The age of patients submitted to the treatment has also been evidenced as a factor in the increase of the auditory acuity reduction risk [10, 11].

In our study, all the patients analyzed presented age ≥ 40 years old, (average age of 60 years old). In the statistical analysis, it was verified that the patients < 60 years old presented 4.54 times higher chance to increase hearing ability after the treatment.

Regarding the alteration in the hearing thresholds soon after the end of the chemo- and radiotherapy treatment, we have found in our sample a larger increase of the hearing thresholds for frequencies from 3 KHz to 8 KHz, for both left and right ears.

All patients included presented auditory damage: 70.5% of them with significant auditory alteration; 55.8% with change equal or higher than 20 dB in a unique frequency (first ASHA criterion for ototoxity); and 14.7% with reduction of 10 dB in at least two consecutive frequencies (second ASHA criterion for ototoxity).

These data are in accordance with the results of Pearson et al., who retrospectively evaluated audiological findings in 15 patients with head and neck tumors, treated with radio- and concomitant chemotherapy, using the same criteria to define ototoxicity. Their results showed that 85% of patients presented changes in frequencies from 4 to 8 kHz and more than 50% of them presented a change equal to or higher than 10 dB [1].

Other studies illustrate that auditory deficiency happens in 9% to 91% of the patients, usually bilateral and initially in the high frequencies (4.000-8.000 Hz), also affecting the medium and low frequencies with extended treatment. The auditory deficiency may present a certain degree of reversibility, when the auditory deficiency is not deep [12, 13].

In a prospective study, Ho et al. evaluated 526 ears of patients with nasopharyngeal cancer treated exclusively with radiotherapy [9]. Within a 4.5-year period of follow up, they observed that the auditory alterations began soon after the end of the radiotherapy. After two years, 40% of the patients partially recovered the auditory alteration, while the other 60% presented worsening auditory deficiency year after year.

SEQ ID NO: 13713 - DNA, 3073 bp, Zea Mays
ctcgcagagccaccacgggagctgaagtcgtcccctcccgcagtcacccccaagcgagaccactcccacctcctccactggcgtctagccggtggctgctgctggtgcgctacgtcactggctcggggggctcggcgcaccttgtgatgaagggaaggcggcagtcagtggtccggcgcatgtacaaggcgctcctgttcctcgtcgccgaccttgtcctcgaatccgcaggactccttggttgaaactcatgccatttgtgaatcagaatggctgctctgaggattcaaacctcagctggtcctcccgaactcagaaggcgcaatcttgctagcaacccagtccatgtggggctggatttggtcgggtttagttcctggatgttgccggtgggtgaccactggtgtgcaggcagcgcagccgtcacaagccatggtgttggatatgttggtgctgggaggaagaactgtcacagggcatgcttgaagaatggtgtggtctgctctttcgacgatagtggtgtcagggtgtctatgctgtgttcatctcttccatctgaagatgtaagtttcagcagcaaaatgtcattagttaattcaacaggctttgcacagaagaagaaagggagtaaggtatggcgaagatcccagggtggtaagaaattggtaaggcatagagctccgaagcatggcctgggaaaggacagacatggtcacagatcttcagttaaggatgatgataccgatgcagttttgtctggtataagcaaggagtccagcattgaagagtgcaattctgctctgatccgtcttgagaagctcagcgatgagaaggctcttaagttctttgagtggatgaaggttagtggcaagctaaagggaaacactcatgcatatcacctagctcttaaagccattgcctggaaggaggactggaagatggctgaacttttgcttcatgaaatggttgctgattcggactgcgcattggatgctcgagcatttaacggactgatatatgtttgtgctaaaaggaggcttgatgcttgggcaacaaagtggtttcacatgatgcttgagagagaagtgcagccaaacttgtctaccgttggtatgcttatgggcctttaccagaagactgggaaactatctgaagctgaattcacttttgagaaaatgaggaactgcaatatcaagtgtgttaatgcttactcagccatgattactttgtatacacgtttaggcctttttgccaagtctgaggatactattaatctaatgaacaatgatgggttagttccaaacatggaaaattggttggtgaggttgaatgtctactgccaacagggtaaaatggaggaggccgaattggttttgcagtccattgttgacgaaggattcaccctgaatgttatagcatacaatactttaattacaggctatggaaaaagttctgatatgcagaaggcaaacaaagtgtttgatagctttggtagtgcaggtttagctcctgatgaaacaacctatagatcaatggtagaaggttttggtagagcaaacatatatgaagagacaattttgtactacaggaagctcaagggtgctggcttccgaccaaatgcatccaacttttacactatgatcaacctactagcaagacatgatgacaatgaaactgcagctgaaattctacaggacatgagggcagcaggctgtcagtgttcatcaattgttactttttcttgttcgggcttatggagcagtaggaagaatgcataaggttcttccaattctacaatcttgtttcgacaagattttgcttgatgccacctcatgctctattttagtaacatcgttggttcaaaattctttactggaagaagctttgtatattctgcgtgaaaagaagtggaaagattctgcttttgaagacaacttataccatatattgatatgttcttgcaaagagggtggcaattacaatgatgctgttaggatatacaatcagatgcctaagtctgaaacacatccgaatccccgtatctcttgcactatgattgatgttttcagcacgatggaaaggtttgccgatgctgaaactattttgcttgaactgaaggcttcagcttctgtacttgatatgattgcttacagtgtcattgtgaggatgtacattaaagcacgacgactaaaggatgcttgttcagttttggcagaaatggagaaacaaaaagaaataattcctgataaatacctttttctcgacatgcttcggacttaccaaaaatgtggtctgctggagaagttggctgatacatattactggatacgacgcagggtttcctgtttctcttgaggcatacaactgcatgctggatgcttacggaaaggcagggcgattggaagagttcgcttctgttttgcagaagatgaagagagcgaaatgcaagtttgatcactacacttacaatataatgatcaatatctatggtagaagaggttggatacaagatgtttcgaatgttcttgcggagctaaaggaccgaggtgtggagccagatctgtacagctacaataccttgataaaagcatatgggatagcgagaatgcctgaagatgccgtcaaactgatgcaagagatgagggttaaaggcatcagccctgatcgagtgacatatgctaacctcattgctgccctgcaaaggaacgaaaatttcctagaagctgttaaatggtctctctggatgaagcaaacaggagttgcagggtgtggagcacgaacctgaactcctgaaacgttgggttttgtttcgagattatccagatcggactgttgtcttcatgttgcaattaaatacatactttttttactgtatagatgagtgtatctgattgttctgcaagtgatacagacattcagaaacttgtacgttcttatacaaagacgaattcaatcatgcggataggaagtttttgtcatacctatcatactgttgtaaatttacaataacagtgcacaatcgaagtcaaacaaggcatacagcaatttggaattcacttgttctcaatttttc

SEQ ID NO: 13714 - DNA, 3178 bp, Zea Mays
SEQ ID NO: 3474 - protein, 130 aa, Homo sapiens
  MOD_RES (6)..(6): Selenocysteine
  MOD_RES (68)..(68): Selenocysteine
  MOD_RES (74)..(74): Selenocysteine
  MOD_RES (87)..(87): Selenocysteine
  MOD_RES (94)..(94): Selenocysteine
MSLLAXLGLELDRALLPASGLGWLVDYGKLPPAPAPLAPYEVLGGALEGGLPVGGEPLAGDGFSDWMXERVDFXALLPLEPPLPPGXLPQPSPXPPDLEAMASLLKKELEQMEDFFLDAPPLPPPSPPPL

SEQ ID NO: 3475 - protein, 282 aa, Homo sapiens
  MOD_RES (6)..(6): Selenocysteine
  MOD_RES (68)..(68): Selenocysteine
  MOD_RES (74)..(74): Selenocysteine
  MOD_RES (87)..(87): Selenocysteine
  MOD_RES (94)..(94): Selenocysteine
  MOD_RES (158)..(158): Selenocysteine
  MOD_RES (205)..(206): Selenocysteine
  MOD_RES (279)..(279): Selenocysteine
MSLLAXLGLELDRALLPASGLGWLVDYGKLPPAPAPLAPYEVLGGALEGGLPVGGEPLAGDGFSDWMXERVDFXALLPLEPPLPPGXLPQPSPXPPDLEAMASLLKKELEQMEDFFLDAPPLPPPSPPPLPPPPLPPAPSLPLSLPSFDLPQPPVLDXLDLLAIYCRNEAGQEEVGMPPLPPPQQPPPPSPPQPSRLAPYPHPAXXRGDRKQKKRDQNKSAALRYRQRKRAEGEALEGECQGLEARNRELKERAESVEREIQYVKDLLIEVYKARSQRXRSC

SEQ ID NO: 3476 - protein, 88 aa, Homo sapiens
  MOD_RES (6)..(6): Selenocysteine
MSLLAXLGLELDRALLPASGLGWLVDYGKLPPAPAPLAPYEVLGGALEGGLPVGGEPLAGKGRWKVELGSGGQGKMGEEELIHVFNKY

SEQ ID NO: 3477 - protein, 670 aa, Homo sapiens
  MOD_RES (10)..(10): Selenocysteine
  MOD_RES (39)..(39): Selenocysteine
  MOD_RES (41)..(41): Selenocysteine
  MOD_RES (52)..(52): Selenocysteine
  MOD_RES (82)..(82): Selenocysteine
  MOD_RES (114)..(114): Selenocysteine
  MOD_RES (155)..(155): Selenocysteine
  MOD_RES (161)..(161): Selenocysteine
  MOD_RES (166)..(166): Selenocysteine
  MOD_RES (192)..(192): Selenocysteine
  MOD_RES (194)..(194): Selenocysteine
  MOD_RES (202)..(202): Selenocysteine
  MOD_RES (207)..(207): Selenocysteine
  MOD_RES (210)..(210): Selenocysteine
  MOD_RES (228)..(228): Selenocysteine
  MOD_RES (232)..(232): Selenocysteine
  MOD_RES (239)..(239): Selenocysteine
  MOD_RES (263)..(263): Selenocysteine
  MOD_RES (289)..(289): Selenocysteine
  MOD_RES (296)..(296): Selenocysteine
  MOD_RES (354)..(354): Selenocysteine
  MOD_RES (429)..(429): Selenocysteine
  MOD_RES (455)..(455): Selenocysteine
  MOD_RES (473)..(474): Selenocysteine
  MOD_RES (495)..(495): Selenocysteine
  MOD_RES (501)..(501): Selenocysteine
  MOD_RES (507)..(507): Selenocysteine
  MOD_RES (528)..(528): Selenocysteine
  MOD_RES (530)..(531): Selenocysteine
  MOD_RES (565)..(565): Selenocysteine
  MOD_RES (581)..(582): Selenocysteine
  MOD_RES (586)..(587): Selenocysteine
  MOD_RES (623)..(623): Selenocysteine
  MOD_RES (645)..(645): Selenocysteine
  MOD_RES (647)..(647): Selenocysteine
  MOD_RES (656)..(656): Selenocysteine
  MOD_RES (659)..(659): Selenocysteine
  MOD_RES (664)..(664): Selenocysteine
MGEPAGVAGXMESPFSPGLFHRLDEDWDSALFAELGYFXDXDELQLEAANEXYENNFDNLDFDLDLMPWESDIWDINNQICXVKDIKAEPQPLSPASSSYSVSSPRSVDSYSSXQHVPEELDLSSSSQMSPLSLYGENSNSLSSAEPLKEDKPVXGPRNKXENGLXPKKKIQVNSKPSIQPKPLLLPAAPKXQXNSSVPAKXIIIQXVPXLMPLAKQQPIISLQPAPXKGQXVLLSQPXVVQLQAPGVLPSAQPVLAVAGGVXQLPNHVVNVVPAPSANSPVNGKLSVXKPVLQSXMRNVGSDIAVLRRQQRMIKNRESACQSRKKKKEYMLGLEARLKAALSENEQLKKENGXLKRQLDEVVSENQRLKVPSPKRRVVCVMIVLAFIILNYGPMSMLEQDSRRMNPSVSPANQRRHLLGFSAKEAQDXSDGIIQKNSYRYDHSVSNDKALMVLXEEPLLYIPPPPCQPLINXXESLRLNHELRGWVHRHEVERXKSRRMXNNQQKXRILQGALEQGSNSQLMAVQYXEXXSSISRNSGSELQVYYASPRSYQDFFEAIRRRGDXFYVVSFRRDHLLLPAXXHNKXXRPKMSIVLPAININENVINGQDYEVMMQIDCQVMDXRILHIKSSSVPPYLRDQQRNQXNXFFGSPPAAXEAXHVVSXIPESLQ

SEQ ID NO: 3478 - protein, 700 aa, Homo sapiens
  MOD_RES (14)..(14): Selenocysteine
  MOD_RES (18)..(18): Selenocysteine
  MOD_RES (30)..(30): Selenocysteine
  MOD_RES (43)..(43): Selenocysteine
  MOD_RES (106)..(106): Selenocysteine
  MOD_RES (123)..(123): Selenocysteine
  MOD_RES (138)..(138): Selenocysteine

Regarding the auditory complaints presented by the patients, many studies have reported appearance of tinnitus. Some of them report that the tinnitus is usually transitory, disappearing some hours or weeks after the end of the treatment in 2% to 36% of the patients [12, 13]. In a recent study performed by Zocoli et al., 46% of the patients presented tinnitus after the second cisplatin application, which remained until the end of the treatment [14].

In our study, two patients complained about tinnitus during the treatment but it disappeared after the end of it. Two complained about otalgia throughout treatment, and one presented descamative otitis externa, also throughout treatment.


Patients with head and neck cancer submitted to conventional radiotherapy treatment combined with the chemotherapy, presented a high incidence of decreased hearing by the end of the treatment.

The main factor associated with this auditory damage was the volume of radiotherapy treatment.

Our data highlighted the importance of making the auditory evaluation, pre and post-treatment, in all patients submitted to conventional radiotherapy treatment combined with chemotherapy with cisplatin for head and neck tumors.

Thus, we stress the importance of the side effects consequences of the treatment, so that the patients can be early inserted in programs of auditory rehabilitation.

Final considerations

All the patients that presented auditory degradation in frequencies responsible for speech audibility were led to the use of hearing aids. The three patients who reported daily auditory difficulties and interest in using hearing aids were directed and enrolled in the Hearing Aid Program of this Institution.


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The authors thank Maria Elisa Goulart, Audiology Department, Startship Children's Hospital. Auckland. New Zeland, for her assistance with English translation.

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Correspondence to Ana Helena B Dell'Aringa.

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The authors declare that they have no competing interests.

Authors' contributions

AHBD carried out the data collection and design of the study, MLI carried out of the design and coordination of the study, GVA carried out of the data collection, design and statistical analysis, MCBNE carried out of the data collection, ARD carried out of the design and coordination of the study, JLSJ carried out of the data collection ad English review, AFR carried out of the data collection ad English review. All authors read and approved the final manuscript.

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Dell'Aringa, A.H.B., Isaac, M.L., Arruda, G.V. et al. Audiological findings in patients treated with radio- and concomitant chemotherapy for head and neck tumors. Radiat Oncol 4, 53 (2009).